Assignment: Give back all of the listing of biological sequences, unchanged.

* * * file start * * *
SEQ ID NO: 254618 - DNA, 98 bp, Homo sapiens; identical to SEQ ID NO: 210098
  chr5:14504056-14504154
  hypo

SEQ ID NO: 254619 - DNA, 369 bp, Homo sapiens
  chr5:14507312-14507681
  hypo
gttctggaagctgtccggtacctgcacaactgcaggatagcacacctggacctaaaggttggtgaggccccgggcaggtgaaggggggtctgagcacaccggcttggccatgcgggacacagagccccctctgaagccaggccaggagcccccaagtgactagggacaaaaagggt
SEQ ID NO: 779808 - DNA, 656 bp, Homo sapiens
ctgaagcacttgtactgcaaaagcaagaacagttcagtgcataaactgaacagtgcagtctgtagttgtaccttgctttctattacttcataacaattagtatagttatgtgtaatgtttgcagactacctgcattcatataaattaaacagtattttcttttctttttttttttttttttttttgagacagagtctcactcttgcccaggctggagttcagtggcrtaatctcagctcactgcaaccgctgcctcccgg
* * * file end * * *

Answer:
SEQ ID NO: 254618 - DNA, 98 bp, Homo sapiens; identical to SEQ ID NO: 210098
  chr5:14504056-14504154
  hypo

SEQ ID NO: 254619 - DNA, 369 bp, Homo sapiens
  chr5:14507312-14507681
  hypo
gttctggaagctgtccggtacctgcacaactgcaggatagcacacctggacctaaaggttggtgaggccccgggcaggtgaaggggggtctgagcacaccggcttggccatgcgggacacagagccccctctgaagccaggccaggagcccccaagtgactagggacaaaaagggt
SEQ ID NO: 779808 - DNA, 656 bp, Homo sapiens
ctgaagcacttgtactgcaaaagcaagaacagttcagtgcataaactgaacagtgcagtctgtagttgtaccttgctttctattacttcataacaattagtatagttatgtgtaatgtttgcagactacctgcattcatataaattaaacagtattttcttttctttttttttttttttttttttgagacagagtctcactcttgcccaggctggagttcagtggcrtaatctcagctcactgcaaccgctgcctcccgg